Roger Federer: ‘They were sad when I left and I came to Doha’

If there were any doubts about the resilience of Roger Federer, 39 years old who hadn’t played two matches in sequence for over 13 months, here they emerged yesterday in the quarter-finals of the return tournament, the ATP 250 in Doha, which he won three times in career. The former world No. 1 lost to Georgian Nikoloz Basilashvili in three sets (3-6 6-1 7-5). Federer said he had come to Qatar to play a few games and he did, as his physical condition could not yet be optimal. In the first set the backhand was decisive, several times to target in different technical facets. The service performance was also good, which helped the Swiss player in difficult moments (two break points canceled). Seized the advantage in the fourth game Federer kept it until the end of the fraction, closed 6-3. The second set took a different route, with the eastern player leading 3-0 before easily closing the set 6-1. In the third fraction all regular up to 3-3. The seventh game saw the pride of the champion rise in the chair, capable of canceling three break points in Basilashvili. A Federer in obvious physical reserve. Even sweaty, which is unusual for him. He also managed to reach matchpoint, on Basilashvili’s 5-4 serve, but did not transform him. In the following game break in favor of the Georgian who then went to serve, ending hostilities in the 12th game. For him a day to remember, for Federer a step on the road to the true return. Roger Federer’s comeback came to an unexpected halt on Thursday, as he lost to Nikoloz Basilashvili in the Doha quarterfinals. And the Swiss spoke to BeIN Sports in the aftermath of his defeat, shedding some light on his future plans in tennis.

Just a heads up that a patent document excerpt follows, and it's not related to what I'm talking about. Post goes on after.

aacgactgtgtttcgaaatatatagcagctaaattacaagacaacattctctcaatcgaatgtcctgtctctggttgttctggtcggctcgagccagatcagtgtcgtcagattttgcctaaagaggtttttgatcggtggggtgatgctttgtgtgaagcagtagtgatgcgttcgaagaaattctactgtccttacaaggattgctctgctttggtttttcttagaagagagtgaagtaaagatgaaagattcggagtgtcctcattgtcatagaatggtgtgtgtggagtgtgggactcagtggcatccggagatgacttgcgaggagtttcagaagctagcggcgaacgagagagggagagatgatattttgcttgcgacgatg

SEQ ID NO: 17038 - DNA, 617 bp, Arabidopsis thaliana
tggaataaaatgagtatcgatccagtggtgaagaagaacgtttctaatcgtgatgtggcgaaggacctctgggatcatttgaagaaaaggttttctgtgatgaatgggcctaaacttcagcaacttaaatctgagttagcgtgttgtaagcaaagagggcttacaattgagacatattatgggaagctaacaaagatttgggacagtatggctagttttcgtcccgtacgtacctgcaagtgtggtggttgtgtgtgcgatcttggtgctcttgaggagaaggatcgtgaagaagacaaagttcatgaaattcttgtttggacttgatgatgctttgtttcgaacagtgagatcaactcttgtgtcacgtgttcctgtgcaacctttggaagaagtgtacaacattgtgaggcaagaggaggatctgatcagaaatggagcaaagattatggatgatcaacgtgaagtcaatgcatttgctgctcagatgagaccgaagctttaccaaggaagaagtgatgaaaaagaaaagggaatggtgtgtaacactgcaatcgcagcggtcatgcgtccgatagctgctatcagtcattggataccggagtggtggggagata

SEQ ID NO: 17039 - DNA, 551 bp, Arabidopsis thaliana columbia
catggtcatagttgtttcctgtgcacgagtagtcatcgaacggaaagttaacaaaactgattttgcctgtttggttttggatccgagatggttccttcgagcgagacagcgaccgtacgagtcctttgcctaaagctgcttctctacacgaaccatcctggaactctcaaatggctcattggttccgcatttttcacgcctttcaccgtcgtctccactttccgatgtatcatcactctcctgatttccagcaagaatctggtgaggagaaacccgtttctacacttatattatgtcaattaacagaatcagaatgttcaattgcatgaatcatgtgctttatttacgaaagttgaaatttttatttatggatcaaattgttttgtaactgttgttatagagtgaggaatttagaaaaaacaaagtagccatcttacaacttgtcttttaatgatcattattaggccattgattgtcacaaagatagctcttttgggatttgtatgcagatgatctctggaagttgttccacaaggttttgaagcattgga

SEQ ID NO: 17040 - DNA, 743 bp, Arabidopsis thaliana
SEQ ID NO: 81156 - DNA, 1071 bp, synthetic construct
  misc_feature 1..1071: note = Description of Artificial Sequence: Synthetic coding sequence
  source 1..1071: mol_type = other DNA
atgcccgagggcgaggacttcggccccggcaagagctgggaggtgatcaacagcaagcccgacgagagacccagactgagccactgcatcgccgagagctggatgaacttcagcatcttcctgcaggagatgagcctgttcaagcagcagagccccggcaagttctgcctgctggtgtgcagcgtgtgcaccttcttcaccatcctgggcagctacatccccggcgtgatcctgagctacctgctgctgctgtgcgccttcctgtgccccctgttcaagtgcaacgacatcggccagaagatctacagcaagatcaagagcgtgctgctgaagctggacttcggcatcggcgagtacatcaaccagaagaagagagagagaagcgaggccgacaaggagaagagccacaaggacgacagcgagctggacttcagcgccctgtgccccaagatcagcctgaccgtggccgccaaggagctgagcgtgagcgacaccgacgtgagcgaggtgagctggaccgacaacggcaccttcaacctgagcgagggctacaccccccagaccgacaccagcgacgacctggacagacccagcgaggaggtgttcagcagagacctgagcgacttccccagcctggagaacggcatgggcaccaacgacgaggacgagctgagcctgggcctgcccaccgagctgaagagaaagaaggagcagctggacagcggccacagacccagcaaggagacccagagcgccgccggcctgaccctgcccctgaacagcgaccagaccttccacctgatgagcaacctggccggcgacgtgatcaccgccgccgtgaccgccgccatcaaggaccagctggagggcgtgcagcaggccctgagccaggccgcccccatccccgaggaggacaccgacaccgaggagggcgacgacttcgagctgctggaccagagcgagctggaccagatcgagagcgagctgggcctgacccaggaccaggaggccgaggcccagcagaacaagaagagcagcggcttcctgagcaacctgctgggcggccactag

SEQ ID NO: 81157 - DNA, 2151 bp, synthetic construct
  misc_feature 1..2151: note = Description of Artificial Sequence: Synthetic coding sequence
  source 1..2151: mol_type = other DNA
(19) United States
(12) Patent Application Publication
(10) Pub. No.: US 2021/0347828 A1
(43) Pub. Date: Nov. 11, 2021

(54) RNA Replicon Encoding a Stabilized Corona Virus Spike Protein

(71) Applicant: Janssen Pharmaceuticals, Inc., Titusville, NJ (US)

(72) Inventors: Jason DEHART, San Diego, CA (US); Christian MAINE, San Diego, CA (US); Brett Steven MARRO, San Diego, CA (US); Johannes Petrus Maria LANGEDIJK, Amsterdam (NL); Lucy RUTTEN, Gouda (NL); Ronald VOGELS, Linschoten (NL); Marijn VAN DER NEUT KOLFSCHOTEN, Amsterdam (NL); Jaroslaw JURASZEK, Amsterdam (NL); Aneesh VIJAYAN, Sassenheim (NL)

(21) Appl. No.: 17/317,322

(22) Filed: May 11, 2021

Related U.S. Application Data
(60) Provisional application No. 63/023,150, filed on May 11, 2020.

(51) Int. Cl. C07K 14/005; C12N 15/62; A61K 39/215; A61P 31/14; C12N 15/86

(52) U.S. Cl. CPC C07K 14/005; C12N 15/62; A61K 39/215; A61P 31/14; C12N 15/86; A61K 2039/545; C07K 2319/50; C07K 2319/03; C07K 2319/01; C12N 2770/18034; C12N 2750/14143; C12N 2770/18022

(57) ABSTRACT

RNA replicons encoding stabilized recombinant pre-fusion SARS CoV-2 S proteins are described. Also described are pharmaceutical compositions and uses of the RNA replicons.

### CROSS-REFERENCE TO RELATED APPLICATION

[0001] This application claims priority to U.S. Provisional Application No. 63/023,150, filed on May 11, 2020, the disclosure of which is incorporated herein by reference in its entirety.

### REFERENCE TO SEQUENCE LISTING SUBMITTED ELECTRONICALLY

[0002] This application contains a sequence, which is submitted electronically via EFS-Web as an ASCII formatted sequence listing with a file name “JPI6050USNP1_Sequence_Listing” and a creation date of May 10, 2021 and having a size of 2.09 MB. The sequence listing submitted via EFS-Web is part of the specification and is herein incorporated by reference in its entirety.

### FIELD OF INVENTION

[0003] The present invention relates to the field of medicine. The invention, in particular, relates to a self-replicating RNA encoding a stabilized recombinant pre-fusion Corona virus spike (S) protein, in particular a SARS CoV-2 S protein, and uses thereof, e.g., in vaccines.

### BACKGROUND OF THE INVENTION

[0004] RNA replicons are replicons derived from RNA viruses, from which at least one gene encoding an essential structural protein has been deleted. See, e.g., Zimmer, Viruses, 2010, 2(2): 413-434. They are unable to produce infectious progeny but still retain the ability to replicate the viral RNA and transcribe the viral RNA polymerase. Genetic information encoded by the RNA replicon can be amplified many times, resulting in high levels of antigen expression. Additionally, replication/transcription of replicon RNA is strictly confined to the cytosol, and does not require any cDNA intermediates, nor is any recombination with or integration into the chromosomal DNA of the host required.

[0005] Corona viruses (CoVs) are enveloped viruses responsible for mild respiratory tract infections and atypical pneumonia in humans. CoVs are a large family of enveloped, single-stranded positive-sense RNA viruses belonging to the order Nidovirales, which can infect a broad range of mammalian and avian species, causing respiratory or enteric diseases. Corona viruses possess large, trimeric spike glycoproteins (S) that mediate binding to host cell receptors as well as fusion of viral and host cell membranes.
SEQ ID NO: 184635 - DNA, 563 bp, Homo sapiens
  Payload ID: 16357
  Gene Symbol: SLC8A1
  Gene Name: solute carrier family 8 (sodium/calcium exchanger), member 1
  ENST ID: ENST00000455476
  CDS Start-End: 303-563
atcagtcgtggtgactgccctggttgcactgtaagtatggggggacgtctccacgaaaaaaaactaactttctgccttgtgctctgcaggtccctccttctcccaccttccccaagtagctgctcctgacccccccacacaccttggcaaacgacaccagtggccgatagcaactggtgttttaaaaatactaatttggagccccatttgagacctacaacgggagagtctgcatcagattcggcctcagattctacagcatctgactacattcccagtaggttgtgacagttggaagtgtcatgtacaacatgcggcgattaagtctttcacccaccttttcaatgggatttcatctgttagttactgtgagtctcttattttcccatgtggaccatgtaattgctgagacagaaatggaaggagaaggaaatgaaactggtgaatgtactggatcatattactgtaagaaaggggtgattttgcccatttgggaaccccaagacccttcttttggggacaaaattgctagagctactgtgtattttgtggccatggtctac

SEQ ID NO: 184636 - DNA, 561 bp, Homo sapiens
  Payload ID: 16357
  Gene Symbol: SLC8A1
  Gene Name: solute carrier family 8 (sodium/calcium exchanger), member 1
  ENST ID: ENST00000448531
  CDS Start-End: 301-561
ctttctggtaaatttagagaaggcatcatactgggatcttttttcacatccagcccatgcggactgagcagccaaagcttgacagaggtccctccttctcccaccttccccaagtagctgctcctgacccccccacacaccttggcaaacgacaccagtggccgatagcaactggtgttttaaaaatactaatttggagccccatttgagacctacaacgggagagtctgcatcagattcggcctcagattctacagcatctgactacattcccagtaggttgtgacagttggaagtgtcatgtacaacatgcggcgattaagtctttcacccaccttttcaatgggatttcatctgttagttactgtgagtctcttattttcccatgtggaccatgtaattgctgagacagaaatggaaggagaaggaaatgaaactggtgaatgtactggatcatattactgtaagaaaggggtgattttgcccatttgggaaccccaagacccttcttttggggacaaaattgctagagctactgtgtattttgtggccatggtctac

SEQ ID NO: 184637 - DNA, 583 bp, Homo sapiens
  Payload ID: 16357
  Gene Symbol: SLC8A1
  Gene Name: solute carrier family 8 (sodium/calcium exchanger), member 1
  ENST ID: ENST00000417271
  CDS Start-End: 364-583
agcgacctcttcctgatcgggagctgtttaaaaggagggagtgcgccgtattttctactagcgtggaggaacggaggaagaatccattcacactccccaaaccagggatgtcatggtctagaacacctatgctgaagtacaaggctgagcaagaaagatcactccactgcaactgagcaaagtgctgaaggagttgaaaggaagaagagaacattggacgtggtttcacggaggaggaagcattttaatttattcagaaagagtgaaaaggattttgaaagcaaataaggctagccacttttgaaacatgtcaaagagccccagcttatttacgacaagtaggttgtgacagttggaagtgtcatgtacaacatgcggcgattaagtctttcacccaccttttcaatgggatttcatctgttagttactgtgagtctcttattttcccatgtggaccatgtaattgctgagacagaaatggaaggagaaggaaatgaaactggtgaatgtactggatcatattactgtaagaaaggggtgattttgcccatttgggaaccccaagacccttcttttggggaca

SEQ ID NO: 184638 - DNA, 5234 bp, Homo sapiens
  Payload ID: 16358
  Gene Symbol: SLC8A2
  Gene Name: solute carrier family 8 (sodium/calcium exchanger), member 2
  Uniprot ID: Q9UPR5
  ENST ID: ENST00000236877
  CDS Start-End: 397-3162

Roger Federer on the support he received from Mirka 

Roger Federer also reflected on representing his country at the Olympics, where he has won a gold medal (in men’s doubles) and a silver medal (in men’s singles). Federer had met his wife Mirka (née Vavrinec) at the 2000 Summer Olympics in Sydney, so it came as no surprise that he spoke in glowing terms about the event’s influence on his life. “Olympics have always been a special place for me,” Federer said. “I was flagbearer twice, in 2004 Athens and 2008 Beijing. I won the gold medal with Stan Wawrinka, I won the silver in 2012 London. I met my wife in 2000 at the Olympics! It would be amazing to be part of Tokyo. I try to see how much more is left in the tank for me,” Federer said. “So far my wife has been my biggest supporter to allow me and push me towards the tour. My kids have been wonderful as well, understanding, even though they were sad when I left and I came to Doha without them.”